Sens. Mark Warner, D.-Va., and Marco Rubio, R-Fla., introduced legislation on Friday to create an Office of Critical Technologies & Security at the White House to coordinate action across Federal agencies and develop a “whole of government” strategy to combat theft of U.S. technologies by state actors including China, and to reduce risks to “critical supply chains.”

While the word “China” does not appear in the text of the bill, that country received top billing in statements by each senator about why the legislation is necessary.

“It is clear that China is determined to use every tool in its arsenal to surpass the United States technologically and dominate us economically,” said Sen. Warner. “We need a whole-of-government technology strategy to protect U.S. competitiveness in emerging and dual-use technologies and address the Chinese threat by combating technology transfer from the United States,” he added.

Likewise, Sen. Rubio said, “China continues to conduct a coordinated assault on U.S. intellectual property, U.S. businesses, and our government networks and information with the full backing of the Chinese Communist Party.” He continued, “The United States needs a more coordinated approach to directly counter this critical threat and ensure we better protect U.S. technology. We must continue to do everything possible to prevent foreign theft of our technology, and interference in our networks and critical infrastructure. By establishing the Office of Critical Technologies and Security, this bill will help protect the United States by streamlining efforts across the government.”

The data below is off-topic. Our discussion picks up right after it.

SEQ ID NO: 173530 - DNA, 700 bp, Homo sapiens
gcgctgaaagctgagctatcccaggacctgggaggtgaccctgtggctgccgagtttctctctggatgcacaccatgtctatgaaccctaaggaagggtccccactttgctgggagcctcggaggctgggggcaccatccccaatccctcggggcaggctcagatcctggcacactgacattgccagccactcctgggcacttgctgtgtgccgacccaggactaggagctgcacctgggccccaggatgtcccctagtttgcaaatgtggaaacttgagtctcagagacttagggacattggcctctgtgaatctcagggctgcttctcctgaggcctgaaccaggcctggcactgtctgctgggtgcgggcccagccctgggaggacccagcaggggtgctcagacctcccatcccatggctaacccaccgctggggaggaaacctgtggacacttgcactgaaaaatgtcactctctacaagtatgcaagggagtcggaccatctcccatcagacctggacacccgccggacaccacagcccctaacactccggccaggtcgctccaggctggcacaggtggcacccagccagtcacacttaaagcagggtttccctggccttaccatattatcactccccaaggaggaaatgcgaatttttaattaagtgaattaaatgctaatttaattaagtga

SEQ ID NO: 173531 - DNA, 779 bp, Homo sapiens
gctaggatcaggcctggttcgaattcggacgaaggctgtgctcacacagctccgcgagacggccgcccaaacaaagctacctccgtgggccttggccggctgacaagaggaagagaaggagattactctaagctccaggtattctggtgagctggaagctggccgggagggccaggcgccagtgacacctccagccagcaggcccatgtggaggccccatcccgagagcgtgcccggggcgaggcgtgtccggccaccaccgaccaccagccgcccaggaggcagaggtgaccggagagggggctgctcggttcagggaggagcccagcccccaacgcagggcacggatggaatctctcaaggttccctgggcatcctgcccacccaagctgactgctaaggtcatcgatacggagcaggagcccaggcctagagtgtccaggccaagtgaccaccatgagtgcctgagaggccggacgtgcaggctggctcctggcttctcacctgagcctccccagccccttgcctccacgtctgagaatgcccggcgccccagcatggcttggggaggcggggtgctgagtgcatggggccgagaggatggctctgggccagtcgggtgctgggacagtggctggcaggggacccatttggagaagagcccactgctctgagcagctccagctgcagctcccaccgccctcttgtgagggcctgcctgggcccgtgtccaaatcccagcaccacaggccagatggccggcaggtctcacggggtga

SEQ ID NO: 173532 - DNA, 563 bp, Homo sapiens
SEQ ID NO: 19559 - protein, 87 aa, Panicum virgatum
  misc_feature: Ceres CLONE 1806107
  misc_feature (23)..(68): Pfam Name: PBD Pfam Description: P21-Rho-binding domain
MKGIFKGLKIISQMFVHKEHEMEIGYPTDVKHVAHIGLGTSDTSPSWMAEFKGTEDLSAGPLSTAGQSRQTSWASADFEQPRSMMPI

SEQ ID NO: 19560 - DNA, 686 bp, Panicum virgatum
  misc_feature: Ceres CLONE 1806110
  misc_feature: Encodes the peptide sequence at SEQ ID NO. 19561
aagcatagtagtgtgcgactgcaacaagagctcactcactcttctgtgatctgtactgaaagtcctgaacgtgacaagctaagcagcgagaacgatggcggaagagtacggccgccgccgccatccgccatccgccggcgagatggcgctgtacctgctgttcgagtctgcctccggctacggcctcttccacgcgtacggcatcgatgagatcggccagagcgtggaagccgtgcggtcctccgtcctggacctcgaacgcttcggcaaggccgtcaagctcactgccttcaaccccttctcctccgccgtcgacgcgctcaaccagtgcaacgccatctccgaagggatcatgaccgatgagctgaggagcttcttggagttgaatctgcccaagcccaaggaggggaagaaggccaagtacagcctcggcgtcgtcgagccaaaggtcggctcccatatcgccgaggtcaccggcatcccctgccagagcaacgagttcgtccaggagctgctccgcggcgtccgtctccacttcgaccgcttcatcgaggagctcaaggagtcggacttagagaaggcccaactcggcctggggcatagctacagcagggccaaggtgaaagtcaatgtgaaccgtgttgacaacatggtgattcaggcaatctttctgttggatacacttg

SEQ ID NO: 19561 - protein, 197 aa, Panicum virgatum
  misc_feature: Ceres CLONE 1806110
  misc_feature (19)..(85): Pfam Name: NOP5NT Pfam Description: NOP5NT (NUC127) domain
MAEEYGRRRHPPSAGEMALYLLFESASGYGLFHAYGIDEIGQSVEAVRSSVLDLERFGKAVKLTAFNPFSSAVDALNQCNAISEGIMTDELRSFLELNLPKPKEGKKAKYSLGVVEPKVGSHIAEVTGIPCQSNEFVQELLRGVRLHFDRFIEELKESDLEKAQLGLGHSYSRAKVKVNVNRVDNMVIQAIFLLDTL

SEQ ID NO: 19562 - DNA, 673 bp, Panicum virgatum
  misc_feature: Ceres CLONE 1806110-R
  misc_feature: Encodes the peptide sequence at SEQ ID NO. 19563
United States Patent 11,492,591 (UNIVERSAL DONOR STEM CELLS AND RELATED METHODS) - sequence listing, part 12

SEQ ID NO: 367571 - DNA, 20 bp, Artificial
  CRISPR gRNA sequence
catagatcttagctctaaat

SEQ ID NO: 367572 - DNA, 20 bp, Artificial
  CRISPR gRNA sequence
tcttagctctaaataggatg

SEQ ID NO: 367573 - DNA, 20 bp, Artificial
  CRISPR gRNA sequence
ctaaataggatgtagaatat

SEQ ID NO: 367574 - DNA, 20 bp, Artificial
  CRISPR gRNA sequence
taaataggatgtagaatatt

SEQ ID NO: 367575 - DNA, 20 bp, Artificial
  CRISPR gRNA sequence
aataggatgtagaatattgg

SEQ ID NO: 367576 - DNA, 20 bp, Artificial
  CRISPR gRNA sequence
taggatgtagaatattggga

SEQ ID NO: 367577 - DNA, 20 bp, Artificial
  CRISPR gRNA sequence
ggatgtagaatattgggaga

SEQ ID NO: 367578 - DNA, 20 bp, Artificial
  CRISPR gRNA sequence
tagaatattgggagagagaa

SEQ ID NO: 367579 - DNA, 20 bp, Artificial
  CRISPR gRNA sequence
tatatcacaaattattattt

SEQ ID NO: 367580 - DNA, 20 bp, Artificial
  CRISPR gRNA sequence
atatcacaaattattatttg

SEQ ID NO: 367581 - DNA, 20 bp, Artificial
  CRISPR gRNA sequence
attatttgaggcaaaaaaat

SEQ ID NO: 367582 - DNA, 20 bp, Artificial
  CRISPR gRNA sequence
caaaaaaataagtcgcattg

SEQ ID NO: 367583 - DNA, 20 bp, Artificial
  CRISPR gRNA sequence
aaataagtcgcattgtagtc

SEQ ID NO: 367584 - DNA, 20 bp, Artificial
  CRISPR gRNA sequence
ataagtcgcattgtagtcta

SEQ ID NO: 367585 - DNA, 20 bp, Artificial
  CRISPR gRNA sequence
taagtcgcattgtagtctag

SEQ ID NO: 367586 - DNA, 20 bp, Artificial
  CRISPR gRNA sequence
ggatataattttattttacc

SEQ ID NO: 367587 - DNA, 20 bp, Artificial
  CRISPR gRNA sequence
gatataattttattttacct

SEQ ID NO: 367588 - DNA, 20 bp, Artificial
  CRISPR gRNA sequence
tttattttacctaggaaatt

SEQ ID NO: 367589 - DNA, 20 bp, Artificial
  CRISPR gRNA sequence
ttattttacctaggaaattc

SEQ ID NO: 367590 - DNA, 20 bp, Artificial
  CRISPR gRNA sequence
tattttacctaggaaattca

On the supply chain front, the senators said the U.S. is “facing major challenges to the integrity of key supply chains as a result of reliance on foreign products that have been identified as national security risks,” and that “a national response to combat these threats and ensure our national security has, to date, been hampered by insufficient coordination at the federal level.”

The new White House office that the bill would create would be directed to “coordinate and consult with federal and state tech and telecom regulators, the private sector, nongovernmental experts and academic stakeholders, and key international partners and U.S. allies to ensure that every available tool is being utilized to safeguard the supply chain and protect emerging, foundational and dual-use technologies.”

The new office also would be “responsible for raising awareness of these threats and improving the overall education of the American public and business leaders in key sectors about the threats to U.S. national security posed by the improper acquisition and transfer of critical technologies by foreign countries and reliance on foreign products–such as those manufactured by Chinese telecom companies ZTE and Huawei–that jeopardize the overall security of private sector supply chains.”

According to text of the bill, the director of the new office would be appointed by the President and would also have to be a deputy national security advisor for the National Security Council and a deputy director for the National Economic Council.

Among Federal government entities, the director would consult with the Federal Communications Commission, Federal Trade Commission, and the White House Office of Science and Technology Policy.  The new office would be required to report to Congress on its activities and progress at least once a year.

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John Curran
John Curran
John Curran is MeriTalk's Managing Editor covering the intersection of government and technology.